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A new questionnaire for people requesting genetic counselling in relation to cancer improves the quality of such counselling (genetic diagnostics and advice). The questionnaire helps with the recognition and discussion of the psychosocial problems many people experience, and improves the provision of appropriate information. The questionnaire was developed and clinically tested in Willem Eijzenga’s doctoral research. Eijzenga will defend his doctorate at the University of Amsterdam (UvA) on Friday, 5 September.

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Cover design: Ed van Kleef

Genetic testing for cancer is a psychological burden for many people. Around a quarter of those who go for genetic testing experience emotional difficulties and feelings of depression and/or anxiety. Around 70% experience problems more specifically related to issues of genetic inheritance and the process of seeking genetic counselling. These can include problems related to the decision to have a DNA test, the wish to have children, the ability to get life insurance, communicating with relatives and dealing with cancer.

Genetic counselling

People in the Netherlands with an increased risk of cancer, either because they were diagnosed with cancer at a young age or because they have a family history of a particular type of cancer, can seek genetic counselling at one of nine polyclinics for hereditary cancers. These clinics provide information and offer DNA tests. Based on that test and a family history, people can receive medical advice.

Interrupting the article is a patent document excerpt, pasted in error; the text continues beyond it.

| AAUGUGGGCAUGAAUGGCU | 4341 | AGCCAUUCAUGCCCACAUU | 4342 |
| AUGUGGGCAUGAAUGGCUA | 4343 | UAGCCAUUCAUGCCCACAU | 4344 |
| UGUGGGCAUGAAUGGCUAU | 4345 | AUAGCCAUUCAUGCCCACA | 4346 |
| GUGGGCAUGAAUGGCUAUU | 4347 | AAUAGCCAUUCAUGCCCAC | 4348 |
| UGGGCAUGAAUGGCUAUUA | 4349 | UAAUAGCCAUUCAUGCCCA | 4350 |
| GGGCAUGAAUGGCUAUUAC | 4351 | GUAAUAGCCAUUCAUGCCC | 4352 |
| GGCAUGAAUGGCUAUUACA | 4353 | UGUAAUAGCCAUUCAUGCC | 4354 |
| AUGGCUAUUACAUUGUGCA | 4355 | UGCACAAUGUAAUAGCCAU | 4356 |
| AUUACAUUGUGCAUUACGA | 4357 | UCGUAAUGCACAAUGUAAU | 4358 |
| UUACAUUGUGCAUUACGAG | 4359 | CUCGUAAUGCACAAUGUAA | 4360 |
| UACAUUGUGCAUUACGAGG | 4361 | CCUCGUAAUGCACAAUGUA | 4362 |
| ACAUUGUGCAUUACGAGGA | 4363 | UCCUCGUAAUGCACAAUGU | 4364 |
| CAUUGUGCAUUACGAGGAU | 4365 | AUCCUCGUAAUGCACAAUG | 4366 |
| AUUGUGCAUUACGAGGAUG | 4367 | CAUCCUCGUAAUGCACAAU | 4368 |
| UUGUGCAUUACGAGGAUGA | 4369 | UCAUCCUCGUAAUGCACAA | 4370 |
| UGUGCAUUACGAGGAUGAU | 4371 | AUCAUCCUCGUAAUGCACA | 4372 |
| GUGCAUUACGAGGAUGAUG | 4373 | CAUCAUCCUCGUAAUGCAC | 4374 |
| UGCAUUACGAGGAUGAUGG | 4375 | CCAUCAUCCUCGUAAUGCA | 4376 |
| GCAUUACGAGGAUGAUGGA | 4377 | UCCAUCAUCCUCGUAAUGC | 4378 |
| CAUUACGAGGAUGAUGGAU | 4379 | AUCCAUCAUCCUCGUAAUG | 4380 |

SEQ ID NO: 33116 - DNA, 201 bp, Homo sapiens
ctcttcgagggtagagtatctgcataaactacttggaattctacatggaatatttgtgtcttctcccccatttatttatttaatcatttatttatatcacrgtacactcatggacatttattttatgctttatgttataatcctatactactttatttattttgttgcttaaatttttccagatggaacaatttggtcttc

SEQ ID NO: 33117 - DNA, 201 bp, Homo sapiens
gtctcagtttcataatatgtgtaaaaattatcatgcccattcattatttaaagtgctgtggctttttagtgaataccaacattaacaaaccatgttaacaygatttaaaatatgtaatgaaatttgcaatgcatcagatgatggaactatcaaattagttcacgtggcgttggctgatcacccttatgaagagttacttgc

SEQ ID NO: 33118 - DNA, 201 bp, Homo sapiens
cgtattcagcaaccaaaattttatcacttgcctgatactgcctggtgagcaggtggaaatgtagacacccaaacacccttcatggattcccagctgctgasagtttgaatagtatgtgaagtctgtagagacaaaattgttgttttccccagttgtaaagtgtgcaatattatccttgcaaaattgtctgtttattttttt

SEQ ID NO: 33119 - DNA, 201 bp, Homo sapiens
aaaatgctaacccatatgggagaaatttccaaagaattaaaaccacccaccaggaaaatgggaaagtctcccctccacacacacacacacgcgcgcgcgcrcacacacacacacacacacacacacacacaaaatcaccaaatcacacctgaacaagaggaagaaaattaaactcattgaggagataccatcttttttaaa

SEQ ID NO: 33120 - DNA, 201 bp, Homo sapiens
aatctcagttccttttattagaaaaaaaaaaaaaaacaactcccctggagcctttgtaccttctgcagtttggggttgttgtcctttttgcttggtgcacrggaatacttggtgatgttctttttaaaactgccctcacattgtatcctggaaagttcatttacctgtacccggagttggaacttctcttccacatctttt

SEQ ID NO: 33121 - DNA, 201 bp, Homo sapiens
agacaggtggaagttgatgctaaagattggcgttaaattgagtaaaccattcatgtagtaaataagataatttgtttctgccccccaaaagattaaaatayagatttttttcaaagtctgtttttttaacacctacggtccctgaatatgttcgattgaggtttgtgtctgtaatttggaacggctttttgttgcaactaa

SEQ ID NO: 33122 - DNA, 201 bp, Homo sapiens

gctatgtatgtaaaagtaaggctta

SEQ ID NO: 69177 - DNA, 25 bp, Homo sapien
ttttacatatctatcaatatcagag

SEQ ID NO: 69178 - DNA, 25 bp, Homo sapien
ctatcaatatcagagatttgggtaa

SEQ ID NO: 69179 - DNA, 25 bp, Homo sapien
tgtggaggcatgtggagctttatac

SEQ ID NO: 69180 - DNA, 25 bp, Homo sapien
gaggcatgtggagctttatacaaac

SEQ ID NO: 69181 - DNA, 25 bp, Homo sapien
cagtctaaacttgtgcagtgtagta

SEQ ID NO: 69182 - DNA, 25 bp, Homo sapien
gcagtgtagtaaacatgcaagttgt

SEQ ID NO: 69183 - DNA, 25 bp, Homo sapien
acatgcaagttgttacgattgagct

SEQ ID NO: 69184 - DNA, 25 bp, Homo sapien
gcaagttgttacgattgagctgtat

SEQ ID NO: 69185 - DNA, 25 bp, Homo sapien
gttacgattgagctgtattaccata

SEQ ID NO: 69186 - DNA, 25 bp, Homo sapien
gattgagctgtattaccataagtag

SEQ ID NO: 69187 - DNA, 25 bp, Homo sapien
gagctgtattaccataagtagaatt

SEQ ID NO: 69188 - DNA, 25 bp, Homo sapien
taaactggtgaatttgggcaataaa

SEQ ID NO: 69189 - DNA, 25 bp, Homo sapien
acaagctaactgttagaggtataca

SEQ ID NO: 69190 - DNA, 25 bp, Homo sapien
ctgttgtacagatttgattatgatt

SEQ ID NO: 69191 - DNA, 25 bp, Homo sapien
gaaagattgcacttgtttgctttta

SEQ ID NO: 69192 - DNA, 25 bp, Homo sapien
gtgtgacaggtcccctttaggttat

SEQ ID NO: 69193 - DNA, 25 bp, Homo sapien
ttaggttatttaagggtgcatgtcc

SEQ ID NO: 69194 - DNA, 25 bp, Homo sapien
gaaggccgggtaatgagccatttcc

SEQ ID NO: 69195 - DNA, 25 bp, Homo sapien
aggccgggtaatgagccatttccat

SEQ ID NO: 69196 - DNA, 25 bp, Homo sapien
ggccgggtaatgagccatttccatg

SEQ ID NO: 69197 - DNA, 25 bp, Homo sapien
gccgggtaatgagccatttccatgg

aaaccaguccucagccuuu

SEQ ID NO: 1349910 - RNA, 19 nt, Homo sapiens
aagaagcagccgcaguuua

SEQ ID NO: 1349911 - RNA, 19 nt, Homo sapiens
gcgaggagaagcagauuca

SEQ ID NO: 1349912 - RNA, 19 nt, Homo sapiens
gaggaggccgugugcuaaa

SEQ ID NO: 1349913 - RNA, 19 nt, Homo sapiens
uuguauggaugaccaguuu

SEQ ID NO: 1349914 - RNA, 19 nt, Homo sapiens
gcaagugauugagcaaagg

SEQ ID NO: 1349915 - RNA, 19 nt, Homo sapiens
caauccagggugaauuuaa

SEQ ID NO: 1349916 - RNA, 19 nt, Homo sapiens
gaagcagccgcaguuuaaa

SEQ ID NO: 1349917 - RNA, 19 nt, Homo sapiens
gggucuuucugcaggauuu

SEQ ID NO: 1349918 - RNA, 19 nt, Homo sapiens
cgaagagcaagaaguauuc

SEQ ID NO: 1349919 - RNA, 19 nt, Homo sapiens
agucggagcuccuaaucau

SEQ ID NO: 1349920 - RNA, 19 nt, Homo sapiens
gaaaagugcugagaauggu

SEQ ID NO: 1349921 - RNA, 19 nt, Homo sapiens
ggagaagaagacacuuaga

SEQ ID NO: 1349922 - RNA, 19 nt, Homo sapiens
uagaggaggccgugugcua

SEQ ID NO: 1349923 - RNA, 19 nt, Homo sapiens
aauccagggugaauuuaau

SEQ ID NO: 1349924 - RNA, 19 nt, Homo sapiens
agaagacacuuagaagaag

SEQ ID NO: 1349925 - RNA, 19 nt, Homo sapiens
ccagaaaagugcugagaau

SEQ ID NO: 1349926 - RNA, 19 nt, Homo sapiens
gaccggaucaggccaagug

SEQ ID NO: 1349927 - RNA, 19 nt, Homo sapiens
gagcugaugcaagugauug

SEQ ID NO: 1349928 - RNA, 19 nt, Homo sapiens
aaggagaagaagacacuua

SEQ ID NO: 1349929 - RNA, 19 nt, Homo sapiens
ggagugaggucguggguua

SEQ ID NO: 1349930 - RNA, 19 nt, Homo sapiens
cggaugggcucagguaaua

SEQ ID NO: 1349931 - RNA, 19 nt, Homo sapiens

Fewer fears and worries

‘Previous research revealed that communication during the process of providing genetic counselling is largely focused on the family history of cancer, hereditary factors and the investigative procedure. This means potential psychosocial problems are perhaps less well recognised’, explains Eijzenga. ‘The questionnaire I developed therefore covers a wide range of these psychosocial problems. It appears that using the questionnaire in clinical practice improves the quality of counselling.’

The results from the questionnaire are made available to the genetic counsellor prior to the advisory consultation. This leads to more psychosocial problems being addressed in that first meeting. Counsellors are more aware of any problems and are more pro-active in discussing the problems that people can experience. The outcome is that people seeking advice are less anxious and worried about cancer a month after the counselling. This outcome does not require the consultation with the counsellor to be any longer than it would otherwise be.

Doctorate details

Willem Eijzenga, Psychosocial Problems in Cancer Genetic Counseling: Detecting and Facilitating Communication. Supervisor: Prof. N.K. Aaronson. Co-supervisor: Dr E.M.A. Bleiker.

Time and location

The doctoral thesis defence ceremony will take place on Friday, 5 September at 10:00.

Location: Agnietenkapel, Oudezijds Voorburgwal 231, Amsterdam.